Fairytales of New York: St. Peter of Brooklyn (or The Trembling Leaves that were my Father's Fists) Part III
Sun, 09 Jul 2017
The day after my mother's funeral, I awoke in my childhood bed. The sunlight, in haunting white beams, almost solid, struck the floor so harshly that I thought they must - surely - penetrate all the way to the kitchen below. I smoked a shambolic cigarette, after removing it from its solitary pack and trying - with all the delicacy my shaky, muscular hands could manage - to straighten its knots and dents. I tried to savor the sensation of hot, full lungs - a cancerous embrace. I exhaled slowly and steadily, blowing thick smoke into the ethereal sunbeams where it seemed to hang, potent and blue. I could hear my father down below, his chair creaking beneath him until without warning there came a crack of splintering wood.
I came down the stairs with deliberate weight in my steps. It seemed important not to startle my father, but also to assert my presence - not just state it. I was prepared to beat him down; to make sure he knew that Ma' was dead because of him. A giddy, violent orchestra swelled to a crescendo in my heart as I remembered Charlie, Peter and Ma' - all frightened, all flinching, all fucked in their heads because of the man at the kitchen table. His gun hung from the back of his chair in its holster. I thought I'd have to floor him, sucker-punch him like I did the night I left, to get my hands on the gun. One bullet in the chest to floor him, and one in the head. What would happen afterwards didn't matter either way, in that moment. In spite of all that, I couldn't do it, and didn't. As I entered the kitchen and saw him, meek and cautious, sitting in a broken, splintered chair - his broken throne - the idea of violence dulled me; it bored me senseless. Instead, I sat opposite him at the table and removed from my pocket the note Aoife Dunne had given me after my mother's funeral. It the boarding house address written on the front and on the back it read:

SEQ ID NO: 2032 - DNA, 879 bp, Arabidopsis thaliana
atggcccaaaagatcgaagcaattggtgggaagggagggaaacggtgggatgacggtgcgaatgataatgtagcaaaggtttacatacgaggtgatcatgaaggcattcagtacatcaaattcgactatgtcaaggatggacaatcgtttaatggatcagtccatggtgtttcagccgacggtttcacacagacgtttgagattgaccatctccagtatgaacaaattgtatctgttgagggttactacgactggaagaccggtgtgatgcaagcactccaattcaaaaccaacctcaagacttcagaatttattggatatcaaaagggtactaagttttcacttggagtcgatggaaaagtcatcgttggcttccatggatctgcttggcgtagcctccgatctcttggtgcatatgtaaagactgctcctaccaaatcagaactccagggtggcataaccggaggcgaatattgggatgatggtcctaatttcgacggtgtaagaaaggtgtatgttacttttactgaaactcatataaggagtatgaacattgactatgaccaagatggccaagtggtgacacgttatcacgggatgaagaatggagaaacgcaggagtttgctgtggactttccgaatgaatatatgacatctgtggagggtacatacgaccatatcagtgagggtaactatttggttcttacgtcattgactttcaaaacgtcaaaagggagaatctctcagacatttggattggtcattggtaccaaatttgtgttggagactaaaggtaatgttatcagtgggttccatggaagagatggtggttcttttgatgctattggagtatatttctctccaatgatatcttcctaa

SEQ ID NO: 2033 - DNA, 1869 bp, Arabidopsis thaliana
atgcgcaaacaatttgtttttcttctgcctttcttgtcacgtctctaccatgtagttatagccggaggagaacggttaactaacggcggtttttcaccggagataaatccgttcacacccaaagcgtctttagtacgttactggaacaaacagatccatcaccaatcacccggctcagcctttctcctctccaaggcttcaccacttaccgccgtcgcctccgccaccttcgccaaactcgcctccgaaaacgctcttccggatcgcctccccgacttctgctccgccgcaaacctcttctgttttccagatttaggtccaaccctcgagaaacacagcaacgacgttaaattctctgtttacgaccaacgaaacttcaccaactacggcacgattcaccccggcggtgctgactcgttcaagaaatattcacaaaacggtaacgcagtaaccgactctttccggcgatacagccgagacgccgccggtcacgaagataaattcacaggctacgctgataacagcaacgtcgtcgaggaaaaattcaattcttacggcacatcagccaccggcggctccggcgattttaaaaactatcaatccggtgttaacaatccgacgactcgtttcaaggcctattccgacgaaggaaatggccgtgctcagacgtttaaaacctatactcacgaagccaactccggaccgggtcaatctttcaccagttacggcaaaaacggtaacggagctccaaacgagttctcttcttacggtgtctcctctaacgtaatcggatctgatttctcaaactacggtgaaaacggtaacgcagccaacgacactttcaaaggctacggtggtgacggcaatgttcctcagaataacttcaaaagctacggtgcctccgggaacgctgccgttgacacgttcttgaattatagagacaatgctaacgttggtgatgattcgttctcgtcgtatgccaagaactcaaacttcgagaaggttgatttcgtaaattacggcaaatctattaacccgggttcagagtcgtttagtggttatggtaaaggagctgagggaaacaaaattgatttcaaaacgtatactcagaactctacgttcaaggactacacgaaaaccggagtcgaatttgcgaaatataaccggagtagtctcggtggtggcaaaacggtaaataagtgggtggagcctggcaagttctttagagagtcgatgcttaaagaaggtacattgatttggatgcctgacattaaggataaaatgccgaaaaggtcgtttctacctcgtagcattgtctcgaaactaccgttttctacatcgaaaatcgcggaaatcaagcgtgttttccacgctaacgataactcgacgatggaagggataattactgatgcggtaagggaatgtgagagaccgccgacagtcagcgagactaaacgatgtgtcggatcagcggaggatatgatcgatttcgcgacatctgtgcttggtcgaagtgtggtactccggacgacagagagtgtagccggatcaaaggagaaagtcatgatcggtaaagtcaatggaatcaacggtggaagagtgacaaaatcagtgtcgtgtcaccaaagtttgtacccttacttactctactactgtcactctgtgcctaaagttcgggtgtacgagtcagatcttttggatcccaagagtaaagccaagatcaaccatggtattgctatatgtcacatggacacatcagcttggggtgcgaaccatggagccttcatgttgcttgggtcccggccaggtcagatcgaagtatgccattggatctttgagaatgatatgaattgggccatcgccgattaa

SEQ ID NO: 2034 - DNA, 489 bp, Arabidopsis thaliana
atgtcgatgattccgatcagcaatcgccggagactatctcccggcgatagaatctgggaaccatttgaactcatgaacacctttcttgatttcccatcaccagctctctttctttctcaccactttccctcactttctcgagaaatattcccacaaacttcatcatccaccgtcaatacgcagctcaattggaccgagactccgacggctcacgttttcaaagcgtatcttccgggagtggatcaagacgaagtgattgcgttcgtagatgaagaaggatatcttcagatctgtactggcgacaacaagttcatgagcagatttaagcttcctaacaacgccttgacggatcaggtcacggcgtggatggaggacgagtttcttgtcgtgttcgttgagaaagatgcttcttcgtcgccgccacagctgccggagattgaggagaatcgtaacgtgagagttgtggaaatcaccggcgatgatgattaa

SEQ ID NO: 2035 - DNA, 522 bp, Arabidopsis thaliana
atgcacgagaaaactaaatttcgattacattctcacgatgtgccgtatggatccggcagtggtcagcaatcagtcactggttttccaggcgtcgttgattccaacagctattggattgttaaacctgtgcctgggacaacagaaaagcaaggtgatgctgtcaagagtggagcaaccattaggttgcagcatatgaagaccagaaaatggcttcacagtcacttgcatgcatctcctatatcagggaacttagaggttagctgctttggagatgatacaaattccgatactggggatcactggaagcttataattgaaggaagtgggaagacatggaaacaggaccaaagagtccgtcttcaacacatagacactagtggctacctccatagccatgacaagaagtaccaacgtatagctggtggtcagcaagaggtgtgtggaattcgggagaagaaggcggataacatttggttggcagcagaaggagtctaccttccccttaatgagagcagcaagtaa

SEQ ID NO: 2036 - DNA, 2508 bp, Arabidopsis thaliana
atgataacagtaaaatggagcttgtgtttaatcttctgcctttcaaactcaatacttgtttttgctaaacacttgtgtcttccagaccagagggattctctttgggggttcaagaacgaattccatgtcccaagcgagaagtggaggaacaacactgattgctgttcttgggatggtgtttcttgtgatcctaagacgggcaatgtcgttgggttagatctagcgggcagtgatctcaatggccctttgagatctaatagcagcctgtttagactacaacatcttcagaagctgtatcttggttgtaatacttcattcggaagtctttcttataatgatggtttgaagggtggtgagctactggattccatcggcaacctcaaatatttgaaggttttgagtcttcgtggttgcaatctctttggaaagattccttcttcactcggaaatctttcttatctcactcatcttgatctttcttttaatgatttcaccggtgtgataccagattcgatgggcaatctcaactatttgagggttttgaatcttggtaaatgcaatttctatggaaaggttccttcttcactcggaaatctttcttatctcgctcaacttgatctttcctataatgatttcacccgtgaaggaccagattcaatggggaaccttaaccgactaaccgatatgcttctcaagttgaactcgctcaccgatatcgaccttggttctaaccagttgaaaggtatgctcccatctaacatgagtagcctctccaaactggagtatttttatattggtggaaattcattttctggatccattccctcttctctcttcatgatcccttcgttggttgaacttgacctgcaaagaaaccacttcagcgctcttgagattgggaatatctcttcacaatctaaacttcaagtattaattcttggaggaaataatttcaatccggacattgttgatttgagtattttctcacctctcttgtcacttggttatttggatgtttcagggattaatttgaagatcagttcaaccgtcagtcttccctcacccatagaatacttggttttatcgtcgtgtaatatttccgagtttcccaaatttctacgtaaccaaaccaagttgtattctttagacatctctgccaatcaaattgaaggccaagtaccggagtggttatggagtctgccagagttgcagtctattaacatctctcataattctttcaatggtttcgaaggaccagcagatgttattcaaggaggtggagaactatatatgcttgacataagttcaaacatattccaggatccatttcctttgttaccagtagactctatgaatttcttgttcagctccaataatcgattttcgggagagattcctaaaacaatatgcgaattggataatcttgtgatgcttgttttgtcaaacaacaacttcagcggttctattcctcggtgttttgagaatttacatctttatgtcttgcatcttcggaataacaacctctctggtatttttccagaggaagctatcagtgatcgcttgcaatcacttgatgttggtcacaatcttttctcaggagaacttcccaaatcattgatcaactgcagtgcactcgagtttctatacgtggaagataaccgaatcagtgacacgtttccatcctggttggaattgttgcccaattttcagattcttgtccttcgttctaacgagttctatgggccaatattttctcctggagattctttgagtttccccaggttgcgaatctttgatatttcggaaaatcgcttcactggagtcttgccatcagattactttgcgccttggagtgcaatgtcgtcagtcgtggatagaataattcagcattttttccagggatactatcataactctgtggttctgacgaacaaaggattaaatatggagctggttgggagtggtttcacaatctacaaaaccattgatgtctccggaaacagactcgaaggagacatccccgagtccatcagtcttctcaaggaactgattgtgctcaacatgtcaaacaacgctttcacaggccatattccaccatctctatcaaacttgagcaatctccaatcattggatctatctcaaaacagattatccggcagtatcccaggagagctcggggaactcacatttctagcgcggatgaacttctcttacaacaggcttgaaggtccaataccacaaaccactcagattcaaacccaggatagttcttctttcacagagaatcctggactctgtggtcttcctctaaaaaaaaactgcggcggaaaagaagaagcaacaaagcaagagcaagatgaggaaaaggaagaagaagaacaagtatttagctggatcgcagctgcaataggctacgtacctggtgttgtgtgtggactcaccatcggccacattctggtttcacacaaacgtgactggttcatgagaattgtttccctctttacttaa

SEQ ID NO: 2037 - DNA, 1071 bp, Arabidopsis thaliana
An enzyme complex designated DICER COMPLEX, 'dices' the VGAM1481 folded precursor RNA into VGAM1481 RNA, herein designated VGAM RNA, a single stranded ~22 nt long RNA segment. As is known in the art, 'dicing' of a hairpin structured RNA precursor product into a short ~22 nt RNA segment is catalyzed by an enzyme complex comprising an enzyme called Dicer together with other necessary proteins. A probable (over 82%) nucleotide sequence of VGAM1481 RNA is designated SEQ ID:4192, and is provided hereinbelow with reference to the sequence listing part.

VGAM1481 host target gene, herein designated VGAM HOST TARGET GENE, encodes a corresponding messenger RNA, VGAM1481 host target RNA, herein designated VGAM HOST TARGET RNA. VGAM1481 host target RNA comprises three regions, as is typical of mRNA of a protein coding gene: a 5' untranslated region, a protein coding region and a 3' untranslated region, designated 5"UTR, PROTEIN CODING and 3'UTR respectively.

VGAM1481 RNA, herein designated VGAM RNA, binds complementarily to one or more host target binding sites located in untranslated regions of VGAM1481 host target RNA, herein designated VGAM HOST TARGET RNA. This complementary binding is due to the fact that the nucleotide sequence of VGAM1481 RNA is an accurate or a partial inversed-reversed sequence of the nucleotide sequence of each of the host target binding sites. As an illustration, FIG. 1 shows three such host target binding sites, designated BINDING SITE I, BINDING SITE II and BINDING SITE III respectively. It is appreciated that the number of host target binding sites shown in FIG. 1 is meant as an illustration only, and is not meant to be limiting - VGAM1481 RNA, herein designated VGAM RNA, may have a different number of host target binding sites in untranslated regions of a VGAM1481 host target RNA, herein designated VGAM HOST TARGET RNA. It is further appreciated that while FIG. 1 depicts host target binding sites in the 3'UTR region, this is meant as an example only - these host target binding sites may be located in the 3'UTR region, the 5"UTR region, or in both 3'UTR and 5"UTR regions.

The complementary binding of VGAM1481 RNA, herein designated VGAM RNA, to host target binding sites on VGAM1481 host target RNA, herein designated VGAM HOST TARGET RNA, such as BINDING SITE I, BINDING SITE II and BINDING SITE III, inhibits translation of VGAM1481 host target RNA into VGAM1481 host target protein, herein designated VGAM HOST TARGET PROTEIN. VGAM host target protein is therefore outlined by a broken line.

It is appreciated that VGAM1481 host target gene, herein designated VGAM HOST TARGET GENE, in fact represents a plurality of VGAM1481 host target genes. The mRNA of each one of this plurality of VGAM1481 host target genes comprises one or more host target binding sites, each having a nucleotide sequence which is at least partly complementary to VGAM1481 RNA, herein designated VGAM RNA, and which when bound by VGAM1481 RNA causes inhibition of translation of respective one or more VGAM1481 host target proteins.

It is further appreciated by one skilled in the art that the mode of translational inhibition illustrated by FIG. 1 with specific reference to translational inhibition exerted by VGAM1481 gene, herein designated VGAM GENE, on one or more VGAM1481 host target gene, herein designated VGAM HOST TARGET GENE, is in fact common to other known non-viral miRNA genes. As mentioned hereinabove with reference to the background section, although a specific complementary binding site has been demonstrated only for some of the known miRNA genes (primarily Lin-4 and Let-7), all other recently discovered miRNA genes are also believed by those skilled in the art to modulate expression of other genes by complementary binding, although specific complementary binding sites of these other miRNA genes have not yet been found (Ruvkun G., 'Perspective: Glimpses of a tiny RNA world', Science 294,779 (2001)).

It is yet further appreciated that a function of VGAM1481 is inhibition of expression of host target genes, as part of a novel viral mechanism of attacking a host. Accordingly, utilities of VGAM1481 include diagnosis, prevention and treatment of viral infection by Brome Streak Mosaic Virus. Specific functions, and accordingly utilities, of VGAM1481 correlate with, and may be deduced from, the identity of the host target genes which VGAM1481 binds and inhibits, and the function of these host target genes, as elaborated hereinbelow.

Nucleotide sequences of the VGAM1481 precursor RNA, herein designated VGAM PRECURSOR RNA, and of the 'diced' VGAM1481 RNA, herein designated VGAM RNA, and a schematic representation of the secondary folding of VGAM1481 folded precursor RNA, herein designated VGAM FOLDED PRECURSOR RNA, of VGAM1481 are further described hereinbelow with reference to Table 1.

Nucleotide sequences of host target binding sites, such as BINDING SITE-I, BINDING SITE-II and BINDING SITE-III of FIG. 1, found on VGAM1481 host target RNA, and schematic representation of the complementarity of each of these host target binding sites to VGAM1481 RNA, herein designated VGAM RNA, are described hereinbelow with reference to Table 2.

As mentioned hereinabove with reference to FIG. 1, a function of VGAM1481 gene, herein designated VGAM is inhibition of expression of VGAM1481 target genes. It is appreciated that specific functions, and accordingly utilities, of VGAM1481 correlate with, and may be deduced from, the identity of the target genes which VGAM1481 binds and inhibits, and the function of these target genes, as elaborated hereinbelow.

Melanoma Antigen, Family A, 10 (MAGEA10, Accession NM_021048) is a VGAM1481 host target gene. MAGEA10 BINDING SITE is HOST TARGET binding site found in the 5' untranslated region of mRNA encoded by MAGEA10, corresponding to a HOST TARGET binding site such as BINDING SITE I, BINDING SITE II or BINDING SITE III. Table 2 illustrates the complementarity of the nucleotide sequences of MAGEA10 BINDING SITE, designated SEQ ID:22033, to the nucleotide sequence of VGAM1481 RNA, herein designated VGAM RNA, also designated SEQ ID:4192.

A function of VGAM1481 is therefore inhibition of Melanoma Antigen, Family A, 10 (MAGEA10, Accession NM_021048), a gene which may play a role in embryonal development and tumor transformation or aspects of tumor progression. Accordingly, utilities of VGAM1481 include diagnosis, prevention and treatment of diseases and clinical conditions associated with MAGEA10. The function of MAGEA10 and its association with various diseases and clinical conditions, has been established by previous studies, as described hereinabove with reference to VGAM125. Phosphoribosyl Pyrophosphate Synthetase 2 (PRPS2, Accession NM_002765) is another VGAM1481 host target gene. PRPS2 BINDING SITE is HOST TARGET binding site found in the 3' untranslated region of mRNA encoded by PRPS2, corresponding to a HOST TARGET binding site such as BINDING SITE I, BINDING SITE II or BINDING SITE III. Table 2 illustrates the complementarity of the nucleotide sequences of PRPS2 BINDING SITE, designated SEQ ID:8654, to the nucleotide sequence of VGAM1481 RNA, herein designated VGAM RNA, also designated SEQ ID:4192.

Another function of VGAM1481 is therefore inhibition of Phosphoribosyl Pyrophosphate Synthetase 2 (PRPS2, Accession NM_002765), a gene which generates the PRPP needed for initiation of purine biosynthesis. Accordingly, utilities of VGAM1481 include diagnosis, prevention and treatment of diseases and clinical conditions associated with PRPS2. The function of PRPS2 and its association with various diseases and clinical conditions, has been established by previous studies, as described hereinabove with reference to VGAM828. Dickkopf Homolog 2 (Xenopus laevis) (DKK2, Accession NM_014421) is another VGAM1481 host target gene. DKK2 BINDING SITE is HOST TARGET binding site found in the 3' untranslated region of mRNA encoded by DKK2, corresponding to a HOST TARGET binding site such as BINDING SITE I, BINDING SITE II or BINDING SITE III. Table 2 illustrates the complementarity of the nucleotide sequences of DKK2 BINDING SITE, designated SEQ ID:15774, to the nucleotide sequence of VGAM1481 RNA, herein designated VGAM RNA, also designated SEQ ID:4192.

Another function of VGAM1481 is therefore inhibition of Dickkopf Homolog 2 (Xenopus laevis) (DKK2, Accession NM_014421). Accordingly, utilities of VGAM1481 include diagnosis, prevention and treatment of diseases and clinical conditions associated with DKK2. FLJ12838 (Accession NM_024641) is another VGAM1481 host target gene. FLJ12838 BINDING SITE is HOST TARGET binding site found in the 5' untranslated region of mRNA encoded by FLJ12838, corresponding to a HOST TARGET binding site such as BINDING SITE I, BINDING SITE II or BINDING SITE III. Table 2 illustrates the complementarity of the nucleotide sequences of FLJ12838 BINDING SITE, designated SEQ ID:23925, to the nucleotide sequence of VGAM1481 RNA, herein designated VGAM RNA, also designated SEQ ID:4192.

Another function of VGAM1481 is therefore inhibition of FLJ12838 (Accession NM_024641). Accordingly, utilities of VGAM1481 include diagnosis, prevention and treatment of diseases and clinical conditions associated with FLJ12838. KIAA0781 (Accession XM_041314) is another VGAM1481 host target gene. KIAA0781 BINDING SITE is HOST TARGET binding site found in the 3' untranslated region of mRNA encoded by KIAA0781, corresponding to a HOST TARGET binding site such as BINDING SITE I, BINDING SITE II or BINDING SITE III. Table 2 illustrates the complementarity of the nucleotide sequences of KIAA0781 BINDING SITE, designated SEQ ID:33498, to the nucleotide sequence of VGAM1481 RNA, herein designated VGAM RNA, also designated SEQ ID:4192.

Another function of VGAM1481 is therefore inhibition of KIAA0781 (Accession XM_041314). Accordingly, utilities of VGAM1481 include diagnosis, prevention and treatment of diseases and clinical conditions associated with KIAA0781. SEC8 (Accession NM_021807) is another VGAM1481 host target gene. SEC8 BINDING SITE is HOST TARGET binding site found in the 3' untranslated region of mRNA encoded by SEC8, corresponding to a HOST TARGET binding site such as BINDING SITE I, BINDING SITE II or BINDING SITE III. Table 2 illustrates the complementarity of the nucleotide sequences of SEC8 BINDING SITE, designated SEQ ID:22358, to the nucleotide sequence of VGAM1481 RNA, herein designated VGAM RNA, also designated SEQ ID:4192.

Don't be what he made you.
My father, finally, looked to me with red, watery eyes. For the first time since returning I faced him - I mean, truly faced him - and saw how deep the lines in his face ran; how terrible the drunkard's eyes pleaded for restitution and peace; how lowly and lonely the brows drooped and dropped into utter and irretrievable sadness. I felt no hatred for my father but nor did I feel love. Only sympathy; only misery; and fear for how fragile a human life is - how flimsily the mind is held together and how easy it is to lose everything, even yourself, without realising. That house, that kitchen, that table, was the pits of death. It was haunted by the ghosts of Ma' and Peter but also by the ghosts of Pa' and me and the things we - all four of us Di Mauros - had all done to ourselves and one another and the things that were done unto us by each other. There was not hope; no future. Only dead cats in the dumpsters, blood-stains on the walls, regret in the eyes and atrocity in the memories. There was no romance, no optimism; just dread and violence and more violence. My father's hands, dry and calloused, shook uncontrollably. I clasped mine beneath the table, lest he see that mine shook, too. My father spoke.
"I've got to go to work, Valentino"
"I don't know if I'll be here when you get back"